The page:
Tag: Neo-Futurists Theatre
A tour de force of originality, wisdom and LOL’s
|Crisis (A Musical Game Show)|
|Created by John Pierson, Daniel Kerr-Hobert and Clifton Frei
at Neo-Futurists, 5153 N. Ashland (map)
through June 5th | tickets: $15 | more info
Reviewed by Robin Sneed
Is life rigged? Are we trapped in a massive capitalist game show in which the halfwits and the shrewd end up at the top with all the money while the intelligent and thoughtful are relegated to loser? In the Neo-Futurists’ brilliant original musical, Crisis – A Musical Game Show, you are left to trust or not, at a most pivotal time in US history, in what you see, what you read, what you hear, and what you think.
In the grand tradition of true Neo-Futurist theater, which never seeks to suspend disbelief, we must question whether this outrageously well performed set up is truly as advertised. Are those audience members taking scantron tests before the show truly scoring well on the quiz, and thus asked to participate? Is it a lottery? Are the participants pre-chosen? Are you simply relegated to loser by default of the process? Are you feeling so powerless over so many crises in the world that you hand your money over to organizations simply because they promise to find the cure, the solution, to right the wrong? Is capitalism really just a system in which blind faith is a given because so many have been trained to trust authority and never ask questions? A system in which the truly blind are preyed upon by the self-proclaimed altruist as well as the openly greedy? Trusting others is trusting yourself, Crisis sings to us. Can you be trusted?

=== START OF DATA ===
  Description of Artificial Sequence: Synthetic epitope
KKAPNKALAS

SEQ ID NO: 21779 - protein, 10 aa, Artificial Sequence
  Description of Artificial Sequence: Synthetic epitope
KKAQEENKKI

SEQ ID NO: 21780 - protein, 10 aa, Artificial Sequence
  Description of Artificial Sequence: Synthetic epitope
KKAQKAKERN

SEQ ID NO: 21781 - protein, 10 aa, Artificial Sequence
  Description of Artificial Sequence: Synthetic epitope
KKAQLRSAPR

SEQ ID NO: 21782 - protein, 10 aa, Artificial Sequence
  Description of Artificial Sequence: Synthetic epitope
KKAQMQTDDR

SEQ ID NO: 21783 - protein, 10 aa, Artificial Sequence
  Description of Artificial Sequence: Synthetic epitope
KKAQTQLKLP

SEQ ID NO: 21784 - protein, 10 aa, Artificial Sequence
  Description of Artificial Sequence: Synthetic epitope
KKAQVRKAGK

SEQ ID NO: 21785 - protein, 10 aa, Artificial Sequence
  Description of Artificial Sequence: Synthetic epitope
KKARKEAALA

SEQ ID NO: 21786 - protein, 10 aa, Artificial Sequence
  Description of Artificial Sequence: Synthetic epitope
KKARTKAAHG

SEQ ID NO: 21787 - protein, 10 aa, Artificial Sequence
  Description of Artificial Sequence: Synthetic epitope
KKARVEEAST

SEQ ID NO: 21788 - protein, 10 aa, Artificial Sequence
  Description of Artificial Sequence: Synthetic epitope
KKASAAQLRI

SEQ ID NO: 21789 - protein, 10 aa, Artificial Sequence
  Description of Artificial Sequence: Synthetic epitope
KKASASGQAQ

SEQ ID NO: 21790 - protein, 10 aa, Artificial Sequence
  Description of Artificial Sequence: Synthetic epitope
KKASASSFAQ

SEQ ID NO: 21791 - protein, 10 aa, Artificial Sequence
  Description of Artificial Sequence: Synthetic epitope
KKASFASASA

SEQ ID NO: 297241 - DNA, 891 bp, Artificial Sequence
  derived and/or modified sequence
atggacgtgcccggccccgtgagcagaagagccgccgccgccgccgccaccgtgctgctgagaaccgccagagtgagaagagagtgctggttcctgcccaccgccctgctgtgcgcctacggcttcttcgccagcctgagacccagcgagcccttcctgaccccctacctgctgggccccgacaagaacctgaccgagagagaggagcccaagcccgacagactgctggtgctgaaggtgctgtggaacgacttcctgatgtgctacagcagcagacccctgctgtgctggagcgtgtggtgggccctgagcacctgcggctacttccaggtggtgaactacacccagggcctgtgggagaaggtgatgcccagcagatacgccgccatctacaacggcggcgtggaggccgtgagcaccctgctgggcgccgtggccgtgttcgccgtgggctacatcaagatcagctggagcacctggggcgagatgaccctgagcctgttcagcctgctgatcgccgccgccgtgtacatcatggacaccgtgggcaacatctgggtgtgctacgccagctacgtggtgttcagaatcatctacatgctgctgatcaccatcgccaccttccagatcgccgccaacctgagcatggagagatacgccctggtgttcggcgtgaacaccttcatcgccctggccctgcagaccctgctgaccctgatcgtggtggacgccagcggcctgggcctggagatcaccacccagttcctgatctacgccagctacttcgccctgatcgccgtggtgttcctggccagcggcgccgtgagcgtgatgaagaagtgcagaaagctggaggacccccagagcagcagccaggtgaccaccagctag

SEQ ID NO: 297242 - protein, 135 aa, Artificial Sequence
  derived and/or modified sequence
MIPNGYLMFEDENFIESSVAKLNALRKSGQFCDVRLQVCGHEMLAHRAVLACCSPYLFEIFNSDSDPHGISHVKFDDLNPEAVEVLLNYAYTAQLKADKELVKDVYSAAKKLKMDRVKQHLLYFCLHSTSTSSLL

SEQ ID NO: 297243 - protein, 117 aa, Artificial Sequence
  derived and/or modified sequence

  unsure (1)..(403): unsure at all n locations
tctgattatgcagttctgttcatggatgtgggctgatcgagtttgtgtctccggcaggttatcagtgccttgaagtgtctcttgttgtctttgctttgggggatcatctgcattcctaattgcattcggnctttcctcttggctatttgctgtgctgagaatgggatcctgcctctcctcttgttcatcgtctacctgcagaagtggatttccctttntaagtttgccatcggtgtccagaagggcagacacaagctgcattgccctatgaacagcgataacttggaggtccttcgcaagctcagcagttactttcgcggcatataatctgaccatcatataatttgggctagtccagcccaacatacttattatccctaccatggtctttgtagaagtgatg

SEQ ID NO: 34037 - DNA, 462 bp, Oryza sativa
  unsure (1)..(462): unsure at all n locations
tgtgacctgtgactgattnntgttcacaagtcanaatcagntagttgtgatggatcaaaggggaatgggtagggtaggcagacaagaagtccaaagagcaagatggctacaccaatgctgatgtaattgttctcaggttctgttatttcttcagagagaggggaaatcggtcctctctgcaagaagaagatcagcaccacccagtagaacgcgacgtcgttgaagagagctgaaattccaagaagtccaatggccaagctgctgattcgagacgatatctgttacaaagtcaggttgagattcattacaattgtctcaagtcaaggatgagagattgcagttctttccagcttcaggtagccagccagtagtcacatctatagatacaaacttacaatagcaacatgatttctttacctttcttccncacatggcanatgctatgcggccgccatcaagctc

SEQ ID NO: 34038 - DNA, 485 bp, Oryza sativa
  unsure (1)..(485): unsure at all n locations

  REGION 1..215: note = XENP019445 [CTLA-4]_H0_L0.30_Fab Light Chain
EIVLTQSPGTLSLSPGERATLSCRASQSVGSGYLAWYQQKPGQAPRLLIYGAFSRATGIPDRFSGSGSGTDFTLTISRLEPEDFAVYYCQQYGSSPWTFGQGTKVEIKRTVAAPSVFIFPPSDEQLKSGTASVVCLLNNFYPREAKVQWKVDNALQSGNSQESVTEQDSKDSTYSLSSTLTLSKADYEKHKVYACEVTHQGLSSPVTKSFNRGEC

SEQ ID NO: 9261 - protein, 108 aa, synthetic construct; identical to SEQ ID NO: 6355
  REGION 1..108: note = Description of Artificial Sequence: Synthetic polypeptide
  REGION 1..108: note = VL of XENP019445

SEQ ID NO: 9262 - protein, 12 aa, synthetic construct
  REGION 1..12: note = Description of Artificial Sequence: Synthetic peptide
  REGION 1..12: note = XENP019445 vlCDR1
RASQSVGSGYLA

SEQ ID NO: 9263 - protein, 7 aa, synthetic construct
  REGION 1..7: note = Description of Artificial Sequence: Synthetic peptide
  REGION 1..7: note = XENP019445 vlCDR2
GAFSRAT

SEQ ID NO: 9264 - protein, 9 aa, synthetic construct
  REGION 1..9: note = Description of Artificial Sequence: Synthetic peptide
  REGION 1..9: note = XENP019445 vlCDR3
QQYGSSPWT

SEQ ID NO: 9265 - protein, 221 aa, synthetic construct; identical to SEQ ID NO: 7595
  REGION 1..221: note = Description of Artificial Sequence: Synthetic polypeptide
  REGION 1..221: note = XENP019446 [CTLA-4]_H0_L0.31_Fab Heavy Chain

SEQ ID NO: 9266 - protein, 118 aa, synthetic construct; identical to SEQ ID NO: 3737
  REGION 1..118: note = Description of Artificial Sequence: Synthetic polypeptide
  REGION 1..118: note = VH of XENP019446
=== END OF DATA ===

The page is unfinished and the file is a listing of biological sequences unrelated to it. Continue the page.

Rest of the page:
Crisis is a tour de force of originality, energy, skill, timing, and intelligence. One must follow along at a pace or be left behind, duped into the fast flashing ‘rules’ of a game show setting. The beauty of this genre is that the performers never condescend. They are in this with you, even as they never let up for two hours of rapid fire intellectual and emotional sleight of hand. There is a simple humility that is natural to this form of theater, and it shines in this cast. After all, the creators of Crisis have lived the American experience and take no outward pride in having figured it out while showing the audience just how willingly we continue to believe the fantasy of the seemingly altruistic money giver, maker and taker, all in one, brought to us by the television culture that feeds it.